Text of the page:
Commonwealth Games part 1

Oh this is wonderful. We arrived in Glasgow on Friday to what was unpromising weather. I had venue specific training on Saturday and as we went off in our double decker bus to see the three venues, we were stopped at the traffic lights at George Square just as the Glasgow Pride March came past. It was wonderful to see them particularly given the view of some commonwealth countries to LGBT issues. By this time it was raining and the bus was steamy, so no photos.
Whilst I was training, Roger moved the camper to our home for the games period. We’re staying at Hamilton Rugby club. The staff at the club are fantastic so this is looking good. In the evening Clydesiders had been invited to the rehearsal for the opening ceremony, so off we went in the rain with our new friends Michael and Ebun to Celtic park. It was inclement but we were well wrapped up and cheerful and chatted our way to the ground. Glasgow is dotted with Clydes and this is one on the way to Celtic Park.
The opening ceremony rehearsal was good and it was great that so many of the celebrities turned out on a wet night. Obviously not all of them were there and the prize for best over acting went to the Rod Stewart stand in!!
Sunday saw us visiting Hamilton baptist Church where we were greeted warmly and shared in a lovely service and a tasty lunch. Fantastic people. We then found our way into Glasgow and sussed out where Roger was going to be working and found our bearings a bit.
Monday was my first shift. I’m working with the technical officials and assisting them with their transport. This involves trying to organise them and get them at the right place to get the right bus to get to where they need to be. Shift successfully negotiated and then I joined Roger at the BBC on the Quay where we enjoyed some live entertainment before hearing the unmistakable sound of the Red Hot Chilli Pipers. They were warming up in the outside stage area rehearsing for the One show. We hung around and were given tickets so saw the whole show live. Alex and Matt seemed to be on good form and it was great.
Tuesday saw us both working an early shift then back to the BBC stage again to see Mel Gledroyc interview Judy Murray for radio 4. When we came out we went over to the main stage to find some open air shade. The tent for the radio recording was very hot with no breeze. Whilst cooling off we enjoyed Simple Minds practising for the One show.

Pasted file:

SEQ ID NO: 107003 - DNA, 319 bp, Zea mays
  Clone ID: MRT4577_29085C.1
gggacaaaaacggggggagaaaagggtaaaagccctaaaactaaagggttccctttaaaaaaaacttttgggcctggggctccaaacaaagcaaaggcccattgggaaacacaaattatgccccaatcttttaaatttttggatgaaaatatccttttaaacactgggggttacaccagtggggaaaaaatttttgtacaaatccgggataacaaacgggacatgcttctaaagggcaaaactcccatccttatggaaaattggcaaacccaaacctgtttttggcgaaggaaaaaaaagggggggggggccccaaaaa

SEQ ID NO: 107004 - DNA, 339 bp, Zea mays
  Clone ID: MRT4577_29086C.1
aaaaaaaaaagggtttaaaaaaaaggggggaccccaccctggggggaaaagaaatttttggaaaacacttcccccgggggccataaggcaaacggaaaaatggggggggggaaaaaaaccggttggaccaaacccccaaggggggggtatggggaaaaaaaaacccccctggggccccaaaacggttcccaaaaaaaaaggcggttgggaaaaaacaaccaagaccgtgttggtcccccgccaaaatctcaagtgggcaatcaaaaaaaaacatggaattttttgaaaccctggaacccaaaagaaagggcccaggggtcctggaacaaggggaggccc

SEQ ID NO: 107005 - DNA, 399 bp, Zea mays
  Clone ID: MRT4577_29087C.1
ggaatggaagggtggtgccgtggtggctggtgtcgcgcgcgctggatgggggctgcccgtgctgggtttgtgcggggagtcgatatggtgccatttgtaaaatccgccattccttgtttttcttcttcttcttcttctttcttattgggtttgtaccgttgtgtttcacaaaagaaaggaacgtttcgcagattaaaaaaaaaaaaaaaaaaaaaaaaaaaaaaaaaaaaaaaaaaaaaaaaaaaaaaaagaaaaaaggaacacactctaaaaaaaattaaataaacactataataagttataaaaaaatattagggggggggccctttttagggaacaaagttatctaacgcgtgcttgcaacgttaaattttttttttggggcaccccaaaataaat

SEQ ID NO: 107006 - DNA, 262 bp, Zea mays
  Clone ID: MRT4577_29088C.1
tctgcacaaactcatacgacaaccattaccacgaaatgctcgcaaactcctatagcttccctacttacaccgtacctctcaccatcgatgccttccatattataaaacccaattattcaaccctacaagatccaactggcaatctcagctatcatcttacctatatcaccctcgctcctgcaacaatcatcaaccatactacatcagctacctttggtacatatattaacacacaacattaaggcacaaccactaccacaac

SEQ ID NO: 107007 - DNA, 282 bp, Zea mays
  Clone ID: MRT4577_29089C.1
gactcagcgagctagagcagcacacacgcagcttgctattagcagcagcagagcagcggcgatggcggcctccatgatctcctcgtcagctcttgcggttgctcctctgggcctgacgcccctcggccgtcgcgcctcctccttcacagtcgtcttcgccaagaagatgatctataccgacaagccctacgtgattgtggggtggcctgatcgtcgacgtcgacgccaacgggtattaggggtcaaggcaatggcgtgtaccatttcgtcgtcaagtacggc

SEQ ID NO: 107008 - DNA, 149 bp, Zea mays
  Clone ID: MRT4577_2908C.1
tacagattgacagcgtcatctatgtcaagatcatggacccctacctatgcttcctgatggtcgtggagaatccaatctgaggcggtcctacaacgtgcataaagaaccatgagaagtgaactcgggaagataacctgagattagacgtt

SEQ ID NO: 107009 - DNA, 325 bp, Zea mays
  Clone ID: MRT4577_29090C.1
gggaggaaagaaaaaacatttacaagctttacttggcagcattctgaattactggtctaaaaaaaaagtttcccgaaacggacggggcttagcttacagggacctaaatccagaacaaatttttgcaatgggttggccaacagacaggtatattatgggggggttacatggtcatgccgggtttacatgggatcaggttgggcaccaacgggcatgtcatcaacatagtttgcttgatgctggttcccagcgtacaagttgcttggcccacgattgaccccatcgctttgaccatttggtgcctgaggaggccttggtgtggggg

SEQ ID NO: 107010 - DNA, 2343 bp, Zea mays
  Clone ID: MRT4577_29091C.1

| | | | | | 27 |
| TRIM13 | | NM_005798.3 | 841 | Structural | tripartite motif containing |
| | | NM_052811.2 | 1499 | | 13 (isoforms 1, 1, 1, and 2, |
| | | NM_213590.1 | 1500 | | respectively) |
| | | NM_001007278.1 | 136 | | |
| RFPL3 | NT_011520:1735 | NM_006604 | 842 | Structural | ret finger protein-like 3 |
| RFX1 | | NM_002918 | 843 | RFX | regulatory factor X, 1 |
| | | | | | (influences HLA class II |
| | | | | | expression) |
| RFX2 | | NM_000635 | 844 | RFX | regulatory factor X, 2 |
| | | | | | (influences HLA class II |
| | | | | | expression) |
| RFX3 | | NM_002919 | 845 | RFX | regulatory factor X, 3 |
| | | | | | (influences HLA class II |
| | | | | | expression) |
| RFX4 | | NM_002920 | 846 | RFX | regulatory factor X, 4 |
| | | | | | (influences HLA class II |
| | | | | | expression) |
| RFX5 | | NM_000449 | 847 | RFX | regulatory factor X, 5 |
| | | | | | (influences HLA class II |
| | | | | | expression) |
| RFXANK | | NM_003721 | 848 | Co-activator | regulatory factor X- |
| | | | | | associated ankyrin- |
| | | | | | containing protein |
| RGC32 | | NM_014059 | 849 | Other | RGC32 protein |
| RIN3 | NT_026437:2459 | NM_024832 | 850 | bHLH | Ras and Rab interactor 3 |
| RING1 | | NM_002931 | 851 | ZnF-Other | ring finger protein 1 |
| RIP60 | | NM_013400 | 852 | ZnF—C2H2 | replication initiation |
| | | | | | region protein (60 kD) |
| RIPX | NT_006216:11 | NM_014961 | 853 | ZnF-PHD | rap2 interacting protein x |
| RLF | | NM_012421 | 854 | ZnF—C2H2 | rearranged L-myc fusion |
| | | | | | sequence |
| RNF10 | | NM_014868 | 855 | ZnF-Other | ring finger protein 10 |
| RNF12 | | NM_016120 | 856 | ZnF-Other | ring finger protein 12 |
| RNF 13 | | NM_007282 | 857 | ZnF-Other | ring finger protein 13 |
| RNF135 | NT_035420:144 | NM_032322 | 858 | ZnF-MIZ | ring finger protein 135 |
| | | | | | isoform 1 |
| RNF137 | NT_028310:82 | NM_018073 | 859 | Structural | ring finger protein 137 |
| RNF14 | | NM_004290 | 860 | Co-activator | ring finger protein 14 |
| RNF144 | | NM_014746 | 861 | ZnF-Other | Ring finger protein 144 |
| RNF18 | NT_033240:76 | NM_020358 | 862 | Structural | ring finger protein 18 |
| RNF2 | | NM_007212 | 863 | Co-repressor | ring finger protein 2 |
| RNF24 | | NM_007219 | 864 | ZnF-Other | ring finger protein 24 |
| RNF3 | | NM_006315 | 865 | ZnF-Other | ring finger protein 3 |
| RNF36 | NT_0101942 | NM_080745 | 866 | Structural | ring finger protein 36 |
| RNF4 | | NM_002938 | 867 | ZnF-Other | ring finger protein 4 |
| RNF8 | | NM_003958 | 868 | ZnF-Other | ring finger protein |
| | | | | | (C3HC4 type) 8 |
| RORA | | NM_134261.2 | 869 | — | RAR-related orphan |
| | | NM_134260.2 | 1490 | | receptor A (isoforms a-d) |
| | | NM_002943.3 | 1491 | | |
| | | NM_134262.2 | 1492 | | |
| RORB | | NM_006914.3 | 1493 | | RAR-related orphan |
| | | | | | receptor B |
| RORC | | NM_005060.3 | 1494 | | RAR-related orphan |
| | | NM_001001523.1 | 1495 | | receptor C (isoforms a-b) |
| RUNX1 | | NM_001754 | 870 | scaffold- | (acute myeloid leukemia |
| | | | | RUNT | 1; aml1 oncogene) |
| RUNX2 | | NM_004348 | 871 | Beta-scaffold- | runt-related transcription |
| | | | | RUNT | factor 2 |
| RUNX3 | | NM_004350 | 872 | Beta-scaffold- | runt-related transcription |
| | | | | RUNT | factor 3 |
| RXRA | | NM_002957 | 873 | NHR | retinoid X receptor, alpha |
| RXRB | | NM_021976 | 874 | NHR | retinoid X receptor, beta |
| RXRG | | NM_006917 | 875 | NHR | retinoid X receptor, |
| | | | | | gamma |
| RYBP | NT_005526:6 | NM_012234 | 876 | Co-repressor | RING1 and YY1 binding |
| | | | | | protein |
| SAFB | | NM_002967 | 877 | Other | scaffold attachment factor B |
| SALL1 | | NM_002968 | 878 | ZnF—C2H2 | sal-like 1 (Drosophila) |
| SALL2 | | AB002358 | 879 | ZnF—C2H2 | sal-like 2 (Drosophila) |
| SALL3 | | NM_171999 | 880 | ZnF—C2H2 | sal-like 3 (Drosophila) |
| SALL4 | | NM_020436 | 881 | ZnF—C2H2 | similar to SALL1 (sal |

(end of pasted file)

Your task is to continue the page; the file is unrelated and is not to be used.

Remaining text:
Wednesday meant an early start as Roger and I fancied trying our luck to get into the Ken Bruce live show recording at BBC Quay. We got in and we had the most fantastic time. ken, Lynne, Simple Minds, Paloma Faith and my personal favourite Paul Heston and Jacqui Abbott. What a morning. Live music, great entertainment, sunshine and great company.



Another short shift followed and we were able to get to merchant City to see the opening ceremony on a big screen – actually not a very big screen and very badly placed in a narrow street, but the atmosphere was tremendous. When the athletes started to come in. We made our way to Dalmarnock, the nearest station to Celtic Park. we stood there to watch the fireworks go off after the ceremony. There were simultaneous fireworks at Celtic Park, Glasgow Green and somewhere else that we couldn’t identify. Didn’t know which way to look!!

A day off yesterday allowed time for some chores and then a walk to Strathclyde Country park for the Triathlon. This was just fantastic. It was roasting hot and we arrived just as the medal ceremony was being held. Two medals for England, felt like a good sign. We were sat by the loch so had a fantastic view of all the athletes as they swam round, but really couldn’t see who anyone was. We cheered and shouted with the rest of the crowd as the field became strung out and wondered at the chap at the back doing breast stroke making very slow progress. We were willing him not to be lapped as this would have meant a disqualification. Whilst he appeared to miss this, he was eventually pulled about 2/3 around the second lap.

The Brownlee brothers were so strong in all three disciplines and led from the front. It was amazing to see them cycling and running and being so far in front. It was great that they were joined by a Scot for much of the cycling, but they were clearly the strongest in the field. We were standing at the fence as they ran past, but I failed miserably to get anything resembling a decent photograph of them – but we were there. The Scottish crowd were fantastic and really supportive of the Brownlees but the biggest cheers were reserved for the Scottish competitors. A fantastic event and I may go back for the team event on Saturday.
Well today Roger’s off on a shift and I’m off later. Just enjoying some quiet blogging time. Glasgow is fantastic, the people are wonderful and the atmosphere is stunning. There’s stuff for everyone to do whether you love sport or not and I recommend it to you all. Another 10 days of competition to go and another 7 shifts each to complete. I love it!



Home and a wedding

After a lovely trip away, home gave us the chance to catch up with a few of those domestic chores and meet up with some of our lovely friends. I managed supper with an old quartet at North Warnborough, lunch with old work colleagues in Winchester and an evening barbecue with the lovely Chris, Sara and little Zoe. All good times to catch up.

We then got ourselves ready for the big wedding.


We headed off for Oxford where I was performing bus monitor at the park and ride. On our arrival we soon saw the transport arranged for us.